Science in action

In 2011, CDF published a paper that showed an unexpected bump in the plot showing the mass of a hypothetical particle that decayed into two jets. This bump was seen only in events with a W boson and two or more jets. CMS conducted a similar search and the data (points) does not seem to agree with a prediction (yellow) based on the CDF data.

Every so often, the blogosphere and Twitterverse hear about a physics measurement and go a little crazy. This happened last year when the CDF collaboration reported a study of events in which a W boson and at least two jets were observed. If they assumed the two jets came from a single particle and plotted the mass distribution of that hypothetical particle, they observed more events with a mass of about 150 GeV than was predicted by the Standard Model. They observed the excess only in events with a W boson and two or more jets. If this observation was confirmed by other experiments, it could have heralded a significant discovery.

The DZero experiment subsequently studied their data and found no such excess. This could mean that there was no discovery to be made or it could mean that DZero missed seeing something truly interesting. In a case like this, it’s good to have a third experiment weigh in to break the tie.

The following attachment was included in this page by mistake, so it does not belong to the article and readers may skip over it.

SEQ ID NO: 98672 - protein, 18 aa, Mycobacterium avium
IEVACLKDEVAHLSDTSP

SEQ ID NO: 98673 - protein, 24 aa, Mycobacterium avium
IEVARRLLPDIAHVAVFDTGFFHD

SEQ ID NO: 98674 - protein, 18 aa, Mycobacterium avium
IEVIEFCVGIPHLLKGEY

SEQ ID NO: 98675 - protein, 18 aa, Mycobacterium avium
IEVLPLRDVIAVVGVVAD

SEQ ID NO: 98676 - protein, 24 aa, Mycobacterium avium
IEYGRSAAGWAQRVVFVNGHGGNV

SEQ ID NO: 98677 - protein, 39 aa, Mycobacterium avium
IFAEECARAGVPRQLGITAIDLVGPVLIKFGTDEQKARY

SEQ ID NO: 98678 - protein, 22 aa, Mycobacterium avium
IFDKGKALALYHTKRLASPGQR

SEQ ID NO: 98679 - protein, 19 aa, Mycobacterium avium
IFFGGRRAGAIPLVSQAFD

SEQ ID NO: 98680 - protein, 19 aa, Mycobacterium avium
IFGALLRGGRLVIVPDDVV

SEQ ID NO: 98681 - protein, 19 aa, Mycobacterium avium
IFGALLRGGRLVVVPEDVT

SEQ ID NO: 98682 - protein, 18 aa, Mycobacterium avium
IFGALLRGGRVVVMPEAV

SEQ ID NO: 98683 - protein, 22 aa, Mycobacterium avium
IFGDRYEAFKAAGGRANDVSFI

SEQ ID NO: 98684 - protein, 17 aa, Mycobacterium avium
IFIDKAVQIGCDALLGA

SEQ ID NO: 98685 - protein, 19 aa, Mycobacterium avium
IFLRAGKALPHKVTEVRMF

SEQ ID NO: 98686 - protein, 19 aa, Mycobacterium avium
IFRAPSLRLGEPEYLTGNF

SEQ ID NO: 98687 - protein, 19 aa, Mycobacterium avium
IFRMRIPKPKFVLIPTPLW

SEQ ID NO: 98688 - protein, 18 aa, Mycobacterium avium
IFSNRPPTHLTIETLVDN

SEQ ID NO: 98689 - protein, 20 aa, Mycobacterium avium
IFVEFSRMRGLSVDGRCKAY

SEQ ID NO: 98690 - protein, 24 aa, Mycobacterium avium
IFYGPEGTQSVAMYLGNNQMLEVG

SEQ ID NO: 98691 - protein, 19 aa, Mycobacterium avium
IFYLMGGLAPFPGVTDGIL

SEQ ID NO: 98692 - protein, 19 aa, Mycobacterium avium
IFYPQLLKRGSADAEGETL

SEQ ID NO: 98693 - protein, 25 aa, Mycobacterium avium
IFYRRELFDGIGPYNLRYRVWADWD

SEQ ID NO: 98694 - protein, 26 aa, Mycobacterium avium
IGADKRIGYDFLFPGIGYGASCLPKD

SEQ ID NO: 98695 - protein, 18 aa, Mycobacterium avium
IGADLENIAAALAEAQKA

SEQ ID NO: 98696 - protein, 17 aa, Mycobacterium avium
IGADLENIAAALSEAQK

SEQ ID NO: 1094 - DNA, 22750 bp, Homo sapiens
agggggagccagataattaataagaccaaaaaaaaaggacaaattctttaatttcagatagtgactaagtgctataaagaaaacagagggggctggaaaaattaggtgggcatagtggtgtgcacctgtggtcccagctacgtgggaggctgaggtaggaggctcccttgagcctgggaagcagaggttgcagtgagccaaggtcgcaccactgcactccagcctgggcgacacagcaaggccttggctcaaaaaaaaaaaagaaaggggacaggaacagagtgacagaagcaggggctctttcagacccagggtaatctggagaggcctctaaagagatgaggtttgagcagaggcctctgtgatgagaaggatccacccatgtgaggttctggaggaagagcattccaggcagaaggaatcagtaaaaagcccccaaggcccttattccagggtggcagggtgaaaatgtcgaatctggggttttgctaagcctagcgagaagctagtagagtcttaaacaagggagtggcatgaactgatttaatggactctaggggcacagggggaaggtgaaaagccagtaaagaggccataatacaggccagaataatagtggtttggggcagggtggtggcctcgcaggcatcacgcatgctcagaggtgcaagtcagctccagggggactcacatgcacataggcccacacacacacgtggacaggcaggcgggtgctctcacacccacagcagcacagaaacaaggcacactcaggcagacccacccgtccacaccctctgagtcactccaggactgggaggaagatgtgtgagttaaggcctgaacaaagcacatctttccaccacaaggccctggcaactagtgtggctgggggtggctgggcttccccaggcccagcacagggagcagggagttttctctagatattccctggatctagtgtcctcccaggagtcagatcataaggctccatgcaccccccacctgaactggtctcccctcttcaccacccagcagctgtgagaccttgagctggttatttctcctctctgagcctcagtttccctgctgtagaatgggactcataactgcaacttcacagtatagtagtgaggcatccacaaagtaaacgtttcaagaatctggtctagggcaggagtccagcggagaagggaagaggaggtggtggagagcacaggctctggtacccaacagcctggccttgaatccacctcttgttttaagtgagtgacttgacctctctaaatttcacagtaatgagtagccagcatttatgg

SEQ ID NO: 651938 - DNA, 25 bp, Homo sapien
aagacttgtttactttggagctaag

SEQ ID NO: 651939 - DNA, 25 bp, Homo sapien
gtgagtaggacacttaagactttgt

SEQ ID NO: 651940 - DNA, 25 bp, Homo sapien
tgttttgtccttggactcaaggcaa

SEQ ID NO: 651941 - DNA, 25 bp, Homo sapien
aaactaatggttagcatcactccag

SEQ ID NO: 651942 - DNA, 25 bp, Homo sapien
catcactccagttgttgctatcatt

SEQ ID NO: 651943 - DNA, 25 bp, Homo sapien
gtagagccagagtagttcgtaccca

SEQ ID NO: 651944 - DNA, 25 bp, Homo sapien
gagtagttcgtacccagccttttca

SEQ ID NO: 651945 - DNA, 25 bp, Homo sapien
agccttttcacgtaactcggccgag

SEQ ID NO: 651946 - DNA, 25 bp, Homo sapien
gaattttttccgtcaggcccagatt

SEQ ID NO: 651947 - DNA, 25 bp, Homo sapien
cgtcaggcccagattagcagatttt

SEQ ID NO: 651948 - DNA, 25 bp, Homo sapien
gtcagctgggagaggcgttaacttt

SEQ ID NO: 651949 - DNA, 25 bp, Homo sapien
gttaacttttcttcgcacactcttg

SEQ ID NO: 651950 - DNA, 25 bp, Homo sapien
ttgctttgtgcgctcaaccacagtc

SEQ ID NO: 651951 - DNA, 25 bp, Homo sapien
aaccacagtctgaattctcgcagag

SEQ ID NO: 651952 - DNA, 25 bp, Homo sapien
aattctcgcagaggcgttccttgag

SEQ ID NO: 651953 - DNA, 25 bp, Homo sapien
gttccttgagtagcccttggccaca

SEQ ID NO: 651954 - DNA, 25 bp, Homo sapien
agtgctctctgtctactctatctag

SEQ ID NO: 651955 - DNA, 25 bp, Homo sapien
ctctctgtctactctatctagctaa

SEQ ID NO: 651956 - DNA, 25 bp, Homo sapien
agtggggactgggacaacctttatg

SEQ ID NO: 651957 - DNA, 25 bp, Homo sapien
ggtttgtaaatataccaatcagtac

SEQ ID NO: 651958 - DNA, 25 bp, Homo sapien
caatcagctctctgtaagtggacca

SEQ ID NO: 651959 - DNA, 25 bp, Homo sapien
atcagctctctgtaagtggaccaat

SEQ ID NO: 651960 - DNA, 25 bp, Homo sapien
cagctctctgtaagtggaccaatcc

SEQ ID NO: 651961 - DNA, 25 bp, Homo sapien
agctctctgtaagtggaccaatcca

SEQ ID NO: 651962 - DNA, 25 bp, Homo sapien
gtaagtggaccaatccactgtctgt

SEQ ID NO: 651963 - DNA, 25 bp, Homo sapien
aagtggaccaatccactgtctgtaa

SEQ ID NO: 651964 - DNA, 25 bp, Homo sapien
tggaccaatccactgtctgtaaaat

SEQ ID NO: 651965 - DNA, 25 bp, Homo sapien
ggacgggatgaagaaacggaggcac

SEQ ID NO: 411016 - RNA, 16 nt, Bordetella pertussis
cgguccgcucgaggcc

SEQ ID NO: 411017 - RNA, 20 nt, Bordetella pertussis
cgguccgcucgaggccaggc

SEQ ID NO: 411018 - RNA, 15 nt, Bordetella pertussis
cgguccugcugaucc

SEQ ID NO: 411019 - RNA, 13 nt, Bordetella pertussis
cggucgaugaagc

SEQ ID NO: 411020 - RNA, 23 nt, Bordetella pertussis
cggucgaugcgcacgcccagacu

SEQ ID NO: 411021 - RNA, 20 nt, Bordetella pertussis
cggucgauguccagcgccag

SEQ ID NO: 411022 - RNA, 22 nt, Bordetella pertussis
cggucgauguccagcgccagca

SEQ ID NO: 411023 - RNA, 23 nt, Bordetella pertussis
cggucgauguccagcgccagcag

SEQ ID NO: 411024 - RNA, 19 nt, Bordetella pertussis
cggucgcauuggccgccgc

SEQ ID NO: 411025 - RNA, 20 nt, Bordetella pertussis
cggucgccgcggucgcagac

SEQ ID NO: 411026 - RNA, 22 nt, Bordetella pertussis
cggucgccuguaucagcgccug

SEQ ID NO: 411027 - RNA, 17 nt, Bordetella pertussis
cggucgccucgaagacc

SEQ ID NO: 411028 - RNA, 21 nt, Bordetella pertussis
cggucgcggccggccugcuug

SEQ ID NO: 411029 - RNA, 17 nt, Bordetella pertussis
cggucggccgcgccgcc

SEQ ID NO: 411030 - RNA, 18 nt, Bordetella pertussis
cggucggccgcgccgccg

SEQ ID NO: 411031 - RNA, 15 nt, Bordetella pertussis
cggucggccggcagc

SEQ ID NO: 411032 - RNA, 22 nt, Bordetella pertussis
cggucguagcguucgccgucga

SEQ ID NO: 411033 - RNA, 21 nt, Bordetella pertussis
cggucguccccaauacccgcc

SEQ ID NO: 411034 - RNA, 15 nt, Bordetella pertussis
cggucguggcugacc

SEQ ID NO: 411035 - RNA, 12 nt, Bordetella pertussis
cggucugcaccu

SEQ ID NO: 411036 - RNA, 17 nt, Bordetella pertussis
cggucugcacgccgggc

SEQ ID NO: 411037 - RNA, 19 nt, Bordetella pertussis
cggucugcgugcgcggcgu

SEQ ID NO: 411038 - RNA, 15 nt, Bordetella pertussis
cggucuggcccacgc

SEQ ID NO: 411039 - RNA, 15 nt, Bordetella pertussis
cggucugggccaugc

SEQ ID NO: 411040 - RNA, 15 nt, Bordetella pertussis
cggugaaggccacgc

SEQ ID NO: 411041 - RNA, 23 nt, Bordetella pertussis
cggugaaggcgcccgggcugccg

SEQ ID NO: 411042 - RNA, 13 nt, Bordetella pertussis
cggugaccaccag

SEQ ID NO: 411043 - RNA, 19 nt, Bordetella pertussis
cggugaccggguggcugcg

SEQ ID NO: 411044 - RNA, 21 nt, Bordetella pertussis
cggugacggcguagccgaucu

CMS studied their data, sifting out about 100,000 events in which a W boson and at least two jets were created. When a plot was made of the mass of a hypothetical particle that decayed into two jets, no excess was found and placed CMS firmly in the DZero camp.

One should be cautious in interpreting this new measurement, as the Tevatron beams collided protons and antiprotons, while the LHC collides pairs of protons. Still, the evidence disfavors reports of the CDF excess. In addition to this experimental result, several new theoretical models were created to account for the observed CDF bump and these models were definitively ruled out by CMS data.

—Don Lincoln

These analyzers contributed to this analysis.
In order for scientists to analyze CMS data, it must first be validated. Validation means verifying that all equipment is operating properly and that the subsequent reconstruction of the data is done successfully. This ensures that the recorded data has no known flaws. After validation, we can be certain that the bits and bytes that were recorded by the detector were successfully converted into physical objects (jets, muons, electrons, etc.) that subsequent analyzers can use to make measurements. Validation of CMS data is an enormous endeavor, involving physicists from all over the world. The people pictured here are some of the U.S. scientists who play a key role in this complex and crucial task.